Jump to content

Setting up Manifold using 3 way stop cocks

PICU   (264 Views | 1 Replies)
by Walle2014 Walle2014 (New) New Nurse

Walle2014 has 1 years experience .

75 Profile Views; 2 Posts

Hi everyone,

I am a new grad hired into PICU/critical care. Today my preceptor and I were discussing how to set up a manifold for central lines using three way stop cocks. I understand the rationale behind using this for running several medications in one lumen, but I was lost as we went over the actual mechanics of how to set it up. I felt like when I put one together and got it all primed that there was a lot of air introduced into it that I could not get out. Am I missing something? What is your guys methods for setting up manifolds in this fashion?

We also talked about "double pumping" medications such as epinepherine. It was explained that you have an extra port so as you turn one off you can immediately turn one on so the patient doesn't experience a lag in med administration, but how do you achieve this when the actual manifold needs to be replaced on the lumen carrying this medication?


Thank you all very much!

Share this post

Link to post
Share on other sites

marienm, RN, CCRN has 6 years experience and specializes in Burn, ICU.

223 Posts; 4,457 Profile Views

I don't know what your preceptor showed you, but I typically prime each stopcock with a NS flush syringe...attach syringe, prime the "straight" portion (with the lever OFF to the side port) then prime the side port (lever OFF to the straight port), then attach it directly to the patient's IV and  hook up med lines. You could do the same if you were setting up a brand new line...attach stopcock(s) to the tubing before you prime it and then systematically prime each port. Redcap (or whatever your policy is) any port you won't be using right away.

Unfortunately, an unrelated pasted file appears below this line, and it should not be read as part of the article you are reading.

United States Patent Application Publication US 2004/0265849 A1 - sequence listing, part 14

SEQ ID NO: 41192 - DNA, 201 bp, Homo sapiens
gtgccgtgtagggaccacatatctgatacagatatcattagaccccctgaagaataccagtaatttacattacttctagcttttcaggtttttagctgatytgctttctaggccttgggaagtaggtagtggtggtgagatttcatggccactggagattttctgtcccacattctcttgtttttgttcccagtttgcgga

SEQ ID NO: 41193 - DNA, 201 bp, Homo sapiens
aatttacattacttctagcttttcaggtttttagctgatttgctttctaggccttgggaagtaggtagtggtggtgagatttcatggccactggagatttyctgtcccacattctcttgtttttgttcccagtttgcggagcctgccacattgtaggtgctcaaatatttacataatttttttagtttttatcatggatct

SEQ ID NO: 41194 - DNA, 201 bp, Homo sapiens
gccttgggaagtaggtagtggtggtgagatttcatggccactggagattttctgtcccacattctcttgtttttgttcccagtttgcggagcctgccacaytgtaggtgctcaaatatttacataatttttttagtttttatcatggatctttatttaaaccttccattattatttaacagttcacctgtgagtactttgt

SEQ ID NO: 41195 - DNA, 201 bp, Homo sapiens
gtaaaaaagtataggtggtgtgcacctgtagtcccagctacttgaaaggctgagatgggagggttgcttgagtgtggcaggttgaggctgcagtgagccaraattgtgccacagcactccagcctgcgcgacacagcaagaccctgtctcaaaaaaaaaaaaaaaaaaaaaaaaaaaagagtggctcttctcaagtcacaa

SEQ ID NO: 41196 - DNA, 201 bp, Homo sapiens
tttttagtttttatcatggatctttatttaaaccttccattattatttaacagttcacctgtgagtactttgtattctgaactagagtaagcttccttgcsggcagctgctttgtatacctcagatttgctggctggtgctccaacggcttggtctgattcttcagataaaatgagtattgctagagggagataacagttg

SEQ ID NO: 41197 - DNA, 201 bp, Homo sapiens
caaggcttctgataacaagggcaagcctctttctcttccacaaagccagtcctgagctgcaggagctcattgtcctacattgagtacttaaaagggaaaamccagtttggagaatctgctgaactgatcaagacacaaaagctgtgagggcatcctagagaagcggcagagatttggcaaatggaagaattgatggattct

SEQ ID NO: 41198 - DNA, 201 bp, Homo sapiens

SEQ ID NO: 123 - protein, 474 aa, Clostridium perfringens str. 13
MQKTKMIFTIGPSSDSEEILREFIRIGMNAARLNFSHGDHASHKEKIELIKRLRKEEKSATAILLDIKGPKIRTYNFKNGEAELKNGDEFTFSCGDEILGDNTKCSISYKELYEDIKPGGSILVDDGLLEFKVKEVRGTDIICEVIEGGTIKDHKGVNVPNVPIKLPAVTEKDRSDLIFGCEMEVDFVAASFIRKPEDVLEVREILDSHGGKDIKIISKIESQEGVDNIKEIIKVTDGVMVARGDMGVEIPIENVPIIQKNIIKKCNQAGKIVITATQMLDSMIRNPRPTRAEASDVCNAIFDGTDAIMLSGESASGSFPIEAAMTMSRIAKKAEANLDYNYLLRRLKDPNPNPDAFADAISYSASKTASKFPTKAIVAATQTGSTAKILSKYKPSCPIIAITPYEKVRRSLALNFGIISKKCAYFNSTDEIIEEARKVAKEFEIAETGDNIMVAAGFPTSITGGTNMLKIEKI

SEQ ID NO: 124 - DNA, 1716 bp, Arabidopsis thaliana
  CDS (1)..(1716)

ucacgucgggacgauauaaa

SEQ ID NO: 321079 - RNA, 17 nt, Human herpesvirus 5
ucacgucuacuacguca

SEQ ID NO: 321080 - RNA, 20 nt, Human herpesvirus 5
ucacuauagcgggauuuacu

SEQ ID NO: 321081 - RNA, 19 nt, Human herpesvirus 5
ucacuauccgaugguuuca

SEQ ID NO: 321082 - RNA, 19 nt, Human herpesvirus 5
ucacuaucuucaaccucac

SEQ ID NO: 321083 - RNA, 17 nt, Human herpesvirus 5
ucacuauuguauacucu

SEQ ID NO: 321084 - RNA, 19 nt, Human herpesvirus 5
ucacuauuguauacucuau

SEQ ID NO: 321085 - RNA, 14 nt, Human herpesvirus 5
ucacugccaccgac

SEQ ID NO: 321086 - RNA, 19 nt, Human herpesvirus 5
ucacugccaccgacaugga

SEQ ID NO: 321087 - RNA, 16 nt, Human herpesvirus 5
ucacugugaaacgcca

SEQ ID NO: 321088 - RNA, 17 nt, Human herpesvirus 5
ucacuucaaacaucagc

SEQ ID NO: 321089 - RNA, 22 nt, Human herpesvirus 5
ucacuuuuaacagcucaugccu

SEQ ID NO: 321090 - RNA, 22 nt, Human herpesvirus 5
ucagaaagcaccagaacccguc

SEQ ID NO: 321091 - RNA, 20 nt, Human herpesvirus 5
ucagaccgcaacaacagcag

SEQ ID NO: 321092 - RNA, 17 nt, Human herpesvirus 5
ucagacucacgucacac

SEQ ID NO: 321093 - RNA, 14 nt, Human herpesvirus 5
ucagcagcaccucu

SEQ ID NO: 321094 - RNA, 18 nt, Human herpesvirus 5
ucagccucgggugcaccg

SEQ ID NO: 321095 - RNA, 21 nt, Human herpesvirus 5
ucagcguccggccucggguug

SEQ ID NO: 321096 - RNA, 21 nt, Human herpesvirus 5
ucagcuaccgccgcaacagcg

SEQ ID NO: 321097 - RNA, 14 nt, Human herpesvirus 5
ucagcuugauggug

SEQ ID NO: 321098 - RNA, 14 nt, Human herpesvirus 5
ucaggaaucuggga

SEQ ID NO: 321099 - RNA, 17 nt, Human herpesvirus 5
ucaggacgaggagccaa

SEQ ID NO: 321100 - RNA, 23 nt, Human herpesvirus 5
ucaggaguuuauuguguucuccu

As to double pumping...I don't do this for adults. If I have all my stuff prepared (line already primed with new stopcock on it, already made sure that the tubing is loosened, etc...) I genuinely think I can change out a line and restart it within 10-15 seconds.  For most adults, that won't drop their BP too much.  But if it's your practice for kids to have the redundant pump set up and ready, then just make sure it's really *ready*...line all primed, any new hardware already attached, concentration and dose programmed correctly, old line loosened...before you stop the old channel and swap them.  You probably swap *all* the critical lines at the same time as well as the clave if the goal is replacing the manifold, right?  It's all about being organized ahead of time and maybe asking for an extra set of hands/eyes when it comes time to swap (and you should be double-checking all critical infusions anyway!)

Edited by marienm, RN, CCRN

Share this post

Link to post
Share on other sites

This site uses cookies. By using this site, you consent to the placement of these cookies. Read our Privacy, Cookies, and Terms of Service Policies to learn more.